Reinforced Concrete: Mechanics and Design

Reinforced Concrete: Mechanics and Design, 8th edition

  • James K. Wight

Choose the option that's right for you

Single

$9.99 / mo

4-month minimum term for $39.96

  • Access this eText title
  • Up to 2 devices

Multi

$14.99 / mo

4-month minimum term for $59.96

  • Access over 1,500 titles
  • Up to 2 devices
  • Discounted tutor access

Learn more, spend less

  • Icon

    Watch and learn

    Videos & animations bring concepts to life

  • Icon

    Listen on the go

    Learn how you like with full eText audio

  • Icon

    Learn anytime, anywhere

    Get the app to access your eText whenever you need it

  • Icon

    Make it your own

    Your notes. Your highlights. Your eText

  • Icon

    Find it fast

    Quickly navigate your eText with search

Overview

Reinforced Concrete uses the theory of reinforced concrete design to teach the basic scientific and artistic principles of civil engineering. Examples and practice problems help you develop your engineering judgment and apply complicated engineering concepts to real-world scenarios.

Published by Pearson (July 6th 2021) - Copyright © 2022

ISBN-13: 9780136834243

Subject: Civil & Mechanical Engineering

Category: Construction Engineering

Table of contents

  1. INTRODUCTION
    1-1 Reinforced Concrete Structures
    1-2 Mechanics of Reinforced Concrete
    1-3 Reinforced Concrete Members
    1-4 Factors Affecting Choice of Reinforced Concrete for a Structure
    1-5 Historical Development of Concrete and Reinforced Concrete as Structural Materials
    1-6 Building Codes and the ACI Code
    References
  2. THE DESIGN PROCESS
    2-1 Objectives of Design
    2-2 The Design Process
    2-3 Limit States and the Design of Reinforced Concrete
    2-4 Structural Safety
    2-5 Probabilistic Calculation of Safety Factors
    2-6 Design Procedures Specified in the ACI Building Code
    2-7 Load Factors and Load Combinations in the 2019 ACI Code
    2-8 Loadings and Actions
    2-9 Design for Economy
    2-10 Sustainability
    2-11 Customary Dimensions and Construction Tolerances
    2-12 Inspection
    2-13 Accuracy of Calculations
    2-14 Handbooks and Design Aids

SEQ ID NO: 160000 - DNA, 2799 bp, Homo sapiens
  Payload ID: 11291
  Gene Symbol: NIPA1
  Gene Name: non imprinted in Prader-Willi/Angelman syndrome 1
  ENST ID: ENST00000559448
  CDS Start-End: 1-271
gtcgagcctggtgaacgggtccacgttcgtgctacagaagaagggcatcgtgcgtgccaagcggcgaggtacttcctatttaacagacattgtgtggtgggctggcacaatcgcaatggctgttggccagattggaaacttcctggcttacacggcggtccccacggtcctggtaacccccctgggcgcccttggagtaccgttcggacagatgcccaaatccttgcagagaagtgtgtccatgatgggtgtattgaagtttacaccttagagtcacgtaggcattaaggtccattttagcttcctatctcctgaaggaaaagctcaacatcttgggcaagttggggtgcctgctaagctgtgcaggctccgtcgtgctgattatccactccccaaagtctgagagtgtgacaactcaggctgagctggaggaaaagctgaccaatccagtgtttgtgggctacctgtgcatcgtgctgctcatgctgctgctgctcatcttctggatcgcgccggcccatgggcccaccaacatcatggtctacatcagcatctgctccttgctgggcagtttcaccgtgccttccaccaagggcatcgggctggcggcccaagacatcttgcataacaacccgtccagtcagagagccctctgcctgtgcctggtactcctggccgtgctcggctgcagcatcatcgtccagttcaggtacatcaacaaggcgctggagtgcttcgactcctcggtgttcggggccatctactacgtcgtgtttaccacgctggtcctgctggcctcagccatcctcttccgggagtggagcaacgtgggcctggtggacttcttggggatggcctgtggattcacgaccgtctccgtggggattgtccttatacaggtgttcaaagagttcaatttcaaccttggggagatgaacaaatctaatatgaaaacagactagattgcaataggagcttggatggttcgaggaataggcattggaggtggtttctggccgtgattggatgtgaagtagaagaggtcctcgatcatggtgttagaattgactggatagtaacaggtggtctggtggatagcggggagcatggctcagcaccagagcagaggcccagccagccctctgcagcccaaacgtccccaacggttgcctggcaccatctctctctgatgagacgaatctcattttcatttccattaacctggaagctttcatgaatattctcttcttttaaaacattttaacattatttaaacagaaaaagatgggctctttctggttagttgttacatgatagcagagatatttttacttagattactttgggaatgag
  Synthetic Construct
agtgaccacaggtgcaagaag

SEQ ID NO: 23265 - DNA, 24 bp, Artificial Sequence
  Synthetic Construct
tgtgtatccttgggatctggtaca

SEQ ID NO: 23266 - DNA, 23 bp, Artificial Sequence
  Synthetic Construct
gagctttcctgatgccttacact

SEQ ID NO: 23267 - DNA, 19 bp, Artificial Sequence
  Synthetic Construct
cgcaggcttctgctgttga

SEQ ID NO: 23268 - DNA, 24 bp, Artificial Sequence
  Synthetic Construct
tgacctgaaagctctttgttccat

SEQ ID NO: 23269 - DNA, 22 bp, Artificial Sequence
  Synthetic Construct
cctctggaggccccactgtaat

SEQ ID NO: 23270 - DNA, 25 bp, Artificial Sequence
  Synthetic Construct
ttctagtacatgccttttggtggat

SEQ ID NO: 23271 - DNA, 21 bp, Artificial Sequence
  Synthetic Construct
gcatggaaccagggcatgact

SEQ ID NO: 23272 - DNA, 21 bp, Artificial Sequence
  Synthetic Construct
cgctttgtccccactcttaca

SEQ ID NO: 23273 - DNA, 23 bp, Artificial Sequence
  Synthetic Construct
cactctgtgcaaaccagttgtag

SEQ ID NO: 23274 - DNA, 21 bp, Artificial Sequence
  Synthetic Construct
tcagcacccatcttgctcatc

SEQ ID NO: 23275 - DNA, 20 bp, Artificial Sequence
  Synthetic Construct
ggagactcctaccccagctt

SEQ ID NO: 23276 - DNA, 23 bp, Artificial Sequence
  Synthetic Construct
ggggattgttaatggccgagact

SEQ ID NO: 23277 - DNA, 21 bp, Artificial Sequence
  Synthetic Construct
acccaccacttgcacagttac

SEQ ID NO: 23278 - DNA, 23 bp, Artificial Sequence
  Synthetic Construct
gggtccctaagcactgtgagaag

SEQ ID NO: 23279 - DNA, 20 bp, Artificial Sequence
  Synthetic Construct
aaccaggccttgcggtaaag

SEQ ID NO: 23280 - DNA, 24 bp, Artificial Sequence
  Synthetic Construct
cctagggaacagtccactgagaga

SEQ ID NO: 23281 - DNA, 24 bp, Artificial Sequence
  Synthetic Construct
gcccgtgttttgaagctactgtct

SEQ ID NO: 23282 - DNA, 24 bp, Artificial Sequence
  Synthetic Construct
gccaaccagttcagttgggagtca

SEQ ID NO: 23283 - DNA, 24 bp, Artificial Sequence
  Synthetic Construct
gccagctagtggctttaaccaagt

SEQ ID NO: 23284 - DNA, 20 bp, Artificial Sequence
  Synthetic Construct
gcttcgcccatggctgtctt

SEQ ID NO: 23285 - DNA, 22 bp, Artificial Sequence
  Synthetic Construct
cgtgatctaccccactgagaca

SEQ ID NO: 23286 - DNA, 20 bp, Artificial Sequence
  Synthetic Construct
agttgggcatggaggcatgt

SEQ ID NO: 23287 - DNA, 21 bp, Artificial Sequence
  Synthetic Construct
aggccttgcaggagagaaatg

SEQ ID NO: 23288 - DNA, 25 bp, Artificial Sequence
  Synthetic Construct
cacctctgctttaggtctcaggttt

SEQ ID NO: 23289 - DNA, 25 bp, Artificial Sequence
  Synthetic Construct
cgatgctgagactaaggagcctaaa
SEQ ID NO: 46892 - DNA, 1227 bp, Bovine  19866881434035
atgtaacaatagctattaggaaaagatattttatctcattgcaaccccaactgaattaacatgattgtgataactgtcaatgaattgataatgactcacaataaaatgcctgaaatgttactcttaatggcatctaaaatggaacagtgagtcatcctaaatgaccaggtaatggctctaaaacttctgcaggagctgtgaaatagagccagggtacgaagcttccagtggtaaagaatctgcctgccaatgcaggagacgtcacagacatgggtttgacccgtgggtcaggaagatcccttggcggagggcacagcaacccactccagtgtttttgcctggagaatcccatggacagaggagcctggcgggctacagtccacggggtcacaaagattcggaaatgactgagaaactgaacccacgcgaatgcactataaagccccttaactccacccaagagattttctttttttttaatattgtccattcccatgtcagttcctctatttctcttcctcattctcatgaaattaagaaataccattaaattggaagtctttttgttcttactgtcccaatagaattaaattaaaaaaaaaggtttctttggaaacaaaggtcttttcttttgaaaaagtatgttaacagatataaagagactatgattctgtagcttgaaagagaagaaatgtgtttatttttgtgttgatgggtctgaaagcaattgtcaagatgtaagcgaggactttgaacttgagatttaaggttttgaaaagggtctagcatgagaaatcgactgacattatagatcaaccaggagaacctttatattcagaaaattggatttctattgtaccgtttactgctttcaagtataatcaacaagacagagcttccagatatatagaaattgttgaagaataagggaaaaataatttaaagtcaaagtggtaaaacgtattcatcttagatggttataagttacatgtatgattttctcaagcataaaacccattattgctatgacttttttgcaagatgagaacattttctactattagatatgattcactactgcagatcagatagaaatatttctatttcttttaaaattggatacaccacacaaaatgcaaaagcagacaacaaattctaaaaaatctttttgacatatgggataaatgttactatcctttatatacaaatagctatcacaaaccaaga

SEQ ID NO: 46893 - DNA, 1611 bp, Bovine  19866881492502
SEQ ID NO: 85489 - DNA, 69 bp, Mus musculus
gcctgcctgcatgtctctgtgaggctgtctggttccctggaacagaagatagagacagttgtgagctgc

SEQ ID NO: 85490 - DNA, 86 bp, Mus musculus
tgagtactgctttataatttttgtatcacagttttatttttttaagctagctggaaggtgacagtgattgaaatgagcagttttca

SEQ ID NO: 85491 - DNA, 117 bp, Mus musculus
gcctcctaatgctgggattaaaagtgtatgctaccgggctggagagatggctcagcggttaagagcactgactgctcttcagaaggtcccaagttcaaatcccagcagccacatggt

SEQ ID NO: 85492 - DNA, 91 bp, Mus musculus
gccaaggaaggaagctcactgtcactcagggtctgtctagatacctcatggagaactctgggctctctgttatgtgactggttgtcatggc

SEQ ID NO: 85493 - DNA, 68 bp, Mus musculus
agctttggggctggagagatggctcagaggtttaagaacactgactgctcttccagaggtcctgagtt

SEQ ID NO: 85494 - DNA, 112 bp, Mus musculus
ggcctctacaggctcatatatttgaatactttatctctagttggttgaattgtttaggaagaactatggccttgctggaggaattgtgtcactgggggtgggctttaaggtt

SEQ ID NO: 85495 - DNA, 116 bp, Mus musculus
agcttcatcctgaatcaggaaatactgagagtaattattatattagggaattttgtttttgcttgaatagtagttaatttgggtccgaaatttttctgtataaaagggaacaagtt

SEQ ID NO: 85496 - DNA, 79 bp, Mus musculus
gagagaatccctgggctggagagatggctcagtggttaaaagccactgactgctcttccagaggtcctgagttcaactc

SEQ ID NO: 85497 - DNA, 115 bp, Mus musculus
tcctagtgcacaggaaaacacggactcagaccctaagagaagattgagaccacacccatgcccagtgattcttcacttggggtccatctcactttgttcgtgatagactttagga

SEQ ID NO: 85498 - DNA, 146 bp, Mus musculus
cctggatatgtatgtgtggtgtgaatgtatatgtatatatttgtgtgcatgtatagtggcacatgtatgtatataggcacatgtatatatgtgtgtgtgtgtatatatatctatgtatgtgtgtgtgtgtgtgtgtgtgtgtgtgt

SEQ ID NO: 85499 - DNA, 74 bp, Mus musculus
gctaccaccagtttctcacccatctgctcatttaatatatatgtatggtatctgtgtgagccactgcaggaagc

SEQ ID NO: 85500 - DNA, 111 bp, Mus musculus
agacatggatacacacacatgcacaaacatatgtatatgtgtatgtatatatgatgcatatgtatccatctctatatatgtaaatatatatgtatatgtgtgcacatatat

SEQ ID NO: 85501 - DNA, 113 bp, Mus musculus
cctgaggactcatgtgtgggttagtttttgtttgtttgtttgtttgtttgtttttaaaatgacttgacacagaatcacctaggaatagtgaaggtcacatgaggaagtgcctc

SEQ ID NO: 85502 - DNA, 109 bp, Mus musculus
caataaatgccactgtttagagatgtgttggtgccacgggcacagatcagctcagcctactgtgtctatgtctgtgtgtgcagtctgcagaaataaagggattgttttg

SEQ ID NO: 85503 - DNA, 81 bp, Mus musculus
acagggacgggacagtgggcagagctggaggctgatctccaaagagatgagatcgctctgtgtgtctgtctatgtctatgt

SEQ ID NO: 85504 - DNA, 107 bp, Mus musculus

References
  3. 3.MATERIALS
    3-1 Concrete
    3-2 Behavior of Concrete Failing in Compression
    3-3 Compressive Strength of Concrete
    3-4 Strength Under Tensile and Multiaxial Loads
    3-5 Stress–Strain Curves for Concrete
    3-6 Time-Dependent Volume Changes
    3-7 High-Strength Concrete
    3-8 Lightweight Concrete
    3-9 Fiber Reinforced Concrete
    3-10 Durability of Concrete
    3-11 Behavior of Concrete Exposed to High and Low Temperatures
    3-12 Shotcrete
    3-13 Reinforcement
    3-15 Fiber-Reinforced Polymer (FRP) Reinforcement
    3-16 Prestressing Steel
    References
  4. FLEXURE: BEHAVIOR AND NOMINAL STRENGTH OF BEAM SECTIONS
    4-1 Introduction
    4-2 Flexure Theory
    4-3 Simplifications in Flexure Theory for Design
    4-4 Analysis of Nominal Moment Strength for Singly Reinforced Beam Sections
    4-5 Definition of Balanced Conditions
    4-6 Code Definitions of Tension-Controlled and Compression-Controlled Sections
    4-7 Beams With Compression Reinforcement
    4-8 Analysis of Flanged Sections
    References
  5. FLEXURAL DESIGN OF BEAM SECTIONS
    5-1 Introduction
    5-2 Analysis of Continuous One-Way Floor Systems
    5-3 Design of Singly Reinforced Beam Sections with Rectangular Compression Zones
    5-4 Design of Doubly Reinforced Beam Sections
    5-5 Design of Continuous One-Way Slabs
    References
  6. SHEAR IN BEAMS
    6-1 Introduction
    6-2 Basic Theory
    6-3 Behavior of Beams Failing in Shear
    6-4 Analysis and Design of Reinforced Concrete Beams for Shear—ACI Code
    6-5 Other Shear Design Methods
    6-6 Hanger Reinforcement
    6-7 Shear in Axially Loaded Members
    References
  7. 7. TORSION
    7-1 Introduction and Basic Theory
    7-2 Behavior of Reinforced Concrete Members Subjected to Torsion
    7-3 Thin-Walled Tube Analogies
    7-4 Design for Torsion and Shear—ACI Code Approach
    7-5 ACI Code Design Method for Torsion
    References
  8. DEVELOPMENT, ANCHORAGE, AND SPLICING OF REINFORCEMENT
    8-1 Introduction
    8-2 Mechanism of Bond Transfer
    8-3 Development Length
    8-4 Hooked Anchorages
    8-5 Headed Bars in Tension
    8-6 Design for Anchorage
    8-7 Bar Cutoffs and Development of Bars in Flexural Members
    8-8 Reinforcement Continuity and Structural Integrity Requirements
    8-9 Splices References
  9. SERVICEABILITY
    9-1 Introduction
    9-2 Elastic Analysis of Stresses in Beam Sections
    9-3 Cracking
    9-4 Deflections of Concrete Beams
    9-5 Consideration of Deflections in Design
    9-6 Frame Deflections
    9-7 Vibrations
    9-8 Fatigue
    References
  10. CONTINUOUS BEAMS AND ONE-WAY SLABS
    10-1 Introduction
    10-2 Continuity in Reinforced Concrete Structures
    10-3 Continuous Beams
    10-4 Design of Girders
    10-5 Joist Floors
    References
  11. 1COLUMNS: COMBINED AXIAL LOAD AND BENDING
    11-1 Introduction
    11-2 Tied and Spiral Columns
    11-3 Interaction Diagrams
    11-4 Interaction Diagrams for Reinforced Concrete Columns
    11-5 Design of Short Columns
    11-6 Contributions of Steel and Concrete to Column Strength
    11-7 Biaxially Loaded Columns
    References
  12. SLENDER COLUMNS
    12-1 Introduction
    12-2 Behavior and Analysis of Pin-Ended Columns